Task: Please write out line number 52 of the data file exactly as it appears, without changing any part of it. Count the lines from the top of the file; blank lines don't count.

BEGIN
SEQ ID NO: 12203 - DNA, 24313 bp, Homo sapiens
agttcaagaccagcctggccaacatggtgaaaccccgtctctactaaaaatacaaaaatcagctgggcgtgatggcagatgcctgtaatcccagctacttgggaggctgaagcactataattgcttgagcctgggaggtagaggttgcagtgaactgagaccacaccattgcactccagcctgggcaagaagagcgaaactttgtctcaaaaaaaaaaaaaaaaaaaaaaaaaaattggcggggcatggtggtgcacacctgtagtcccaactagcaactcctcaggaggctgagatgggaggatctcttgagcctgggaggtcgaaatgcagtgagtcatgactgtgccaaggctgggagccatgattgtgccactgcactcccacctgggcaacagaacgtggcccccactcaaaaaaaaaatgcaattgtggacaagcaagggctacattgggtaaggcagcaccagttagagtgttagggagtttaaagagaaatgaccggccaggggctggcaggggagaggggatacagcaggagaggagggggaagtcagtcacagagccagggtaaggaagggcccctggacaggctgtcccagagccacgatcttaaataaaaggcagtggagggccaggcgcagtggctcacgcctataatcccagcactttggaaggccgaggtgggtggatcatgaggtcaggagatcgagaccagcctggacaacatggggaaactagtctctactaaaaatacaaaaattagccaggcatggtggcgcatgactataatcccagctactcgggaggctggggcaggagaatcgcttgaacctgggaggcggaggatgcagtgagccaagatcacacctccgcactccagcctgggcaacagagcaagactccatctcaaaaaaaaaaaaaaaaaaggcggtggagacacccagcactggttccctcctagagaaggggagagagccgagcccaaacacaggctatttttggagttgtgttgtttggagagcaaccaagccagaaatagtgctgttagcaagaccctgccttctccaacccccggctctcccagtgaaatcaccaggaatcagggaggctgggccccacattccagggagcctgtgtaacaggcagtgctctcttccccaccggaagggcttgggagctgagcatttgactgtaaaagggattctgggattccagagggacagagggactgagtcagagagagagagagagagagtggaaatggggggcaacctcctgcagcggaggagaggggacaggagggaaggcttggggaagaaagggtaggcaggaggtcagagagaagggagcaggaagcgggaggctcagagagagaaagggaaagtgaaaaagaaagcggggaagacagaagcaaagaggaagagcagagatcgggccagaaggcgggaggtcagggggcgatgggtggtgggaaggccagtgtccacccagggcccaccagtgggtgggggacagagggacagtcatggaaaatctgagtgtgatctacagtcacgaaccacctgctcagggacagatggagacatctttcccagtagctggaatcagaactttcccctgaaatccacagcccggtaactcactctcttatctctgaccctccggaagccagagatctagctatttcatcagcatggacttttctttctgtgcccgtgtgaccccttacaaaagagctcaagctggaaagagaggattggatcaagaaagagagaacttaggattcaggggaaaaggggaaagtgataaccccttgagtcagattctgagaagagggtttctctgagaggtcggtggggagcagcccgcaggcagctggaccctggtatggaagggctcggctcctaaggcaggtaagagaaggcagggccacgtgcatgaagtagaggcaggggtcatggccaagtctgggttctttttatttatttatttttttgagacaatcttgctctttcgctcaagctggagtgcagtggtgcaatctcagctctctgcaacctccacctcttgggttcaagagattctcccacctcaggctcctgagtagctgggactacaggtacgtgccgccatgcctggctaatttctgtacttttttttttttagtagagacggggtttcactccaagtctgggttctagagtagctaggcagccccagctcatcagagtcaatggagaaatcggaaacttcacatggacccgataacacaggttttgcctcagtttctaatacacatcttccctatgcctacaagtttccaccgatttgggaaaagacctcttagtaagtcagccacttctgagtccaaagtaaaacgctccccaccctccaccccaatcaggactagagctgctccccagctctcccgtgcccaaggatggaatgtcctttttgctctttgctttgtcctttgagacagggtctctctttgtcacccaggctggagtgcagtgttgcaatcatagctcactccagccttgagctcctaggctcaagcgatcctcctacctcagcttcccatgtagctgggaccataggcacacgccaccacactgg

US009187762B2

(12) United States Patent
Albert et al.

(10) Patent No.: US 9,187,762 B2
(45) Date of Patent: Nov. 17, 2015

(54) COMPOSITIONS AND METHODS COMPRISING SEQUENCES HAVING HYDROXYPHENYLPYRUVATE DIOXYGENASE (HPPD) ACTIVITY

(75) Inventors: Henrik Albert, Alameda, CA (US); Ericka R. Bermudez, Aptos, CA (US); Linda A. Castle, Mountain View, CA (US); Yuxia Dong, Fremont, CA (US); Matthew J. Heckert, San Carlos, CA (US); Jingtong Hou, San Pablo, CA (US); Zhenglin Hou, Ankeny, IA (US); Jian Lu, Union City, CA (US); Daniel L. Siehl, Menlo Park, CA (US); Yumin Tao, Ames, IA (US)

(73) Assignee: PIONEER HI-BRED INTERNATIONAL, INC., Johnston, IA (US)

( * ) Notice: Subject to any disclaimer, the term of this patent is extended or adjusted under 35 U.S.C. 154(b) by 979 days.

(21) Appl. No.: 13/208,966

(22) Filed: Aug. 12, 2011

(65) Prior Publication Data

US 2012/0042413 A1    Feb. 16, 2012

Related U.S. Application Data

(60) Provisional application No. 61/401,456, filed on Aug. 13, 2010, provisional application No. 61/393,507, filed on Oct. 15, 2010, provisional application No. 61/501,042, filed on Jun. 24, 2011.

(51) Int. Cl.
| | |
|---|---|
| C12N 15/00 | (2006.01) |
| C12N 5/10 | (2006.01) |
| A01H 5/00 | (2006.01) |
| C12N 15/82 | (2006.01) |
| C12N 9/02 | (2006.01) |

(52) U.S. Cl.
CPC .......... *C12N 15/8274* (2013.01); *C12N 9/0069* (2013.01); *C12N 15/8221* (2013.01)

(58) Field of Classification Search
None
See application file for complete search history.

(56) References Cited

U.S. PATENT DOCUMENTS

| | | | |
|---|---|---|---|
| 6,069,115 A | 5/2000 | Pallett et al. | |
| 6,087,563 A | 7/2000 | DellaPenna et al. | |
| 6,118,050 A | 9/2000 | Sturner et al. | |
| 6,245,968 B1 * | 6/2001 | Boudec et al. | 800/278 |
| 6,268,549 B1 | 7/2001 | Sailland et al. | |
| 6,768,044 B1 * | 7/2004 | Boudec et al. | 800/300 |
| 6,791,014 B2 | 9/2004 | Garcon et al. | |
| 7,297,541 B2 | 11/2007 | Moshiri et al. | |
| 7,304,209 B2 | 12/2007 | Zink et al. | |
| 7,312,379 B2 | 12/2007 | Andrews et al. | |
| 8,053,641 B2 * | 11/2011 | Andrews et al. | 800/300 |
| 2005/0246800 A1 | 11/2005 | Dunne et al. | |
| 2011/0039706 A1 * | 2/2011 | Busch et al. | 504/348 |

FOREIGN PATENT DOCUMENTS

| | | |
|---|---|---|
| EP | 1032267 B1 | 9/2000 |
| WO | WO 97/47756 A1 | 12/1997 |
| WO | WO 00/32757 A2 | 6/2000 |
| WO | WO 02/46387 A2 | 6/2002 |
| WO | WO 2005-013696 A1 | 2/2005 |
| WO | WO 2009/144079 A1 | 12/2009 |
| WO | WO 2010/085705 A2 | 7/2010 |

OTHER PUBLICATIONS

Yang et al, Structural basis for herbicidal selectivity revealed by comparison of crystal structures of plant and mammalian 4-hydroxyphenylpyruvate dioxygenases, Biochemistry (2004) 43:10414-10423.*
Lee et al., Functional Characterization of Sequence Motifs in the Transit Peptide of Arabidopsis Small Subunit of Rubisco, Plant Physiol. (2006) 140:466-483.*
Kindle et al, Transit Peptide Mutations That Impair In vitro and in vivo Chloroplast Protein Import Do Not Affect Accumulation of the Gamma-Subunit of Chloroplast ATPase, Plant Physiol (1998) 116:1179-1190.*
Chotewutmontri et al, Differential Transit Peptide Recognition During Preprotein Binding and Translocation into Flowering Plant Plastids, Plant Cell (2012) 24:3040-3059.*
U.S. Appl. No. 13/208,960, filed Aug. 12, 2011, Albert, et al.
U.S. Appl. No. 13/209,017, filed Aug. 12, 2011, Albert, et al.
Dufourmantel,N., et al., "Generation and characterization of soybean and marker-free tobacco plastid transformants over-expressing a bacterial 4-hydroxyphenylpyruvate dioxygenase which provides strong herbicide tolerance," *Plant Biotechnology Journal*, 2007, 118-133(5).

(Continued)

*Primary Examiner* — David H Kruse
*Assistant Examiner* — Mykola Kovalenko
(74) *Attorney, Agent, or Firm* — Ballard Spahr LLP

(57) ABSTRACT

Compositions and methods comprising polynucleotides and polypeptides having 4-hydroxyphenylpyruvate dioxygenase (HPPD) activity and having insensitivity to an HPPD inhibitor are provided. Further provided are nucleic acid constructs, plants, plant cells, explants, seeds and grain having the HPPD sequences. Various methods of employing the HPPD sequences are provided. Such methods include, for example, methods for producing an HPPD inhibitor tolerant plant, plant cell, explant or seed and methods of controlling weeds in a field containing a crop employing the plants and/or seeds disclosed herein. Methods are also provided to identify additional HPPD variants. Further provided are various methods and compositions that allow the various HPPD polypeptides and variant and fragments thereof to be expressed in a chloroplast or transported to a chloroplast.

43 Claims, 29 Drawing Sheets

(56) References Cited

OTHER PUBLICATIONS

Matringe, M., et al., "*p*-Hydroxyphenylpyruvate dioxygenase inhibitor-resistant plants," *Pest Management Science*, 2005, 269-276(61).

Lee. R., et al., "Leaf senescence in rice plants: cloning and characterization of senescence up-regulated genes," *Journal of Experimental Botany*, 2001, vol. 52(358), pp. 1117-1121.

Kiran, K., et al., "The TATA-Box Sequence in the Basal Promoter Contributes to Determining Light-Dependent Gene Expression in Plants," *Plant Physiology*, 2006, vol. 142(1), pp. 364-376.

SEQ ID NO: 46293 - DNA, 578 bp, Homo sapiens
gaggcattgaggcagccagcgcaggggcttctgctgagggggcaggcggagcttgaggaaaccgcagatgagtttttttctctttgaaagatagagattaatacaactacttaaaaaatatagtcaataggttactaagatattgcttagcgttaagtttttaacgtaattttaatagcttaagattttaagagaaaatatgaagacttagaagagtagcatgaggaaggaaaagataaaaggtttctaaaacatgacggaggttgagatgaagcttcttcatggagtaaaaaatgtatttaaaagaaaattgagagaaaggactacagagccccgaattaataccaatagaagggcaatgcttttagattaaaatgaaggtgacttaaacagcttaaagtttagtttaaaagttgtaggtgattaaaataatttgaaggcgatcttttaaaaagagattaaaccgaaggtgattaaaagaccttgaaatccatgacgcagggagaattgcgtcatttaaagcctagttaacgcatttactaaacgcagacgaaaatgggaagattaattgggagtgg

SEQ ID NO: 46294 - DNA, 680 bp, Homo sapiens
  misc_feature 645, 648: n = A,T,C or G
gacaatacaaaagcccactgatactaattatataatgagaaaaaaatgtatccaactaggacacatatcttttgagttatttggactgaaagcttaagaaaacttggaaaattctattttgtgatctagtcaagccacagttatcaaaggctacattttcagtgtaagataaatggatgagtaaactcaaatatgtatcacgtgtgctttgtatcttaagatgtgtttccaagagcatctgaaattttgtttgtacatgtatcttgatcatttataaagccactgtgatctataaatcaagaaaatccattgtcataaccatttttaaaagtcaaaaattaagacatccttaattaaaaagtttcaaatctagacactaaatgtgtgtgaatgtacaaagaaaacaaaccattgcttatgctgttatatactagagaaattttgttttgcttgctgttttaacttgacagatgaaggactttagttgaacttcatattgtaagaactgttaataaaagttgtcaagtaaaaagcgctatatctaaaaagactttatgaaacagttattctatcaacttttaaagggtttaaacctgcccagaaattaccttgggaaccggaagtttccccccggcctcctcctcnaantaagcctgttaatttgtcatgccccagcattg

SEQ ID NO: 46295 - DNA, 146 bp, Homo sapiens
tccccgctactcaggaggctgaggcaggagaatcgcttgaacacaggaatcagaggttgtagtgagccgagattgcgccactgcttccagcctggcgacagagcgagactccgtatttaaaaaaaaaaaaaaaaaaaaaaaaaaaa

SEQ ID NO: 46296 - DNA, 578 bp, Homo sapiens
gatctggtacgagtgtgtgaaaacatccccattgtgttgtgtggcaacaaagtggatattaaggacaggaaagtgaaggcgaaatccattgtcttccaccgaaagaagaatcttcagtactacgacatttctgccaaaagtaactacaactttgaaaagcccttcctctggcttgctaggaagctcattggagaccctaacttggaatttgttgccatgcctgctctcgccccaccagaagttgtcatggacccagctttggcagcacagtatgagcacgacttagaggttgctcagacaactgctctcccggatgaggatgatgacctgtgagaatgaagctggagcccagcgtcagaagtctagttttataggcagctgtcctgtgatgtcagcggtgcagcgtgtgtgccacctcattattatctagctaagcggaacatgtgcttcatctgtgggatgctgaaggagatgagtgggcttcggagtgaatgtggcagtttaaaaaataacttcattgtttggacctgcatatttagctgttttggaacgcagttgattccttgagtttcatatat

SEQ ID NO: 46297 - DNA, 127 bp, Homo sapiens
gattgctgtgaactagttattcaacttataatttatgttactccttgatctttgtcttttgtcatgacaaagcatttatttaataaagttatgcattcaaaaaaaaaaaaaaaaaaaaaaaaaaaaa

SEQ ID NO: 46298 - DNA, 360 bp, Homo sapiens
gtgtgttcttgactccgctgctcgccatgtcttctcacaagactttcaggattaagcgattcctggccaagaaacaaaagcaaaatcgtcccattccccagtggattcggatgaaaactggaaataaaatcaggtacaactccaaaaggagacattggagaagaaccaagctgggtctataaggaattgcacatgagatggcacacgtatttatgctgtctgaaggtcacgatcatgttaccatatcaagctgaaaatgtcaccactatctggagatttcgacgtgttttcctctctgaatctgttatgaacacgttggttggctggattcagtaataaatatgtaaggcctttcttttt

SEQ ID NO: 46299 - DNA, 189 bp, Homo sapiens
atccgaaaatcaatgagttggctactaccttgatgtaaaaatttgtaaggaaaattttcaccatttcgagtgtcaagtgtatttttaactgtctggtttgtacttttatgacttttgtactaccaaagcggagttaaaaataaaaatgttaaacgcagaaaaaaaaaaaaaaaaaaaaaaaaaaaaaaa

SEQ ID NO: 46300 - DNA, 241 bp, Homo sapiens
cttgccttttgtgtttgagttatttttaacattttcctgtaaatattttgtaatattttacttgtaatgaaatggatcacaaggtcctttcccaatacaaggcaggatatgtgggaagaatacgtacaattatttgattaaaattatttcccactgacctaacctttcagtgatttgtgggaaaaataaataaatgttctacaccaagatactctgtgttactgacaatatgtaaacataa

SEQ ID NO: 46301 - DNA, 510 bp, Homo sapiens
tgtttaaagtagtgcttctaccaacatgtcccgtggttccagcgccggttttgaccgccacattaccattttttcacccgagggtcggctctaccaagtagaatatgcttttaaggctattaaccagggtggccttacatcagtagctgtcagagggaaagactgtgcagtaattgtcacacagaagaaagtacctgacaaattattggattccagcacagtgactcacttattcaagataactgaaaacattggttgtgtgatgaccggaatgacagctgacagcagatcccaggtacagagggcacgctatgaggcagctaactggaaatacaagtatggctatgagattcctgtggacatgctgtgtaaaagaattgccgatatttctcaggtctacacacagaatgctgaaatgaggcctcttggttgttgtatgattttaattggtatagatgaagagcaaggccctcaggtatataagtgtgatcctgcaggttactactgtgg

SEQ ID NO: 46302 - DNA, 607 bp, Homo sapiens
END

| WO | WO 97/47756 A1 | 12/1997 |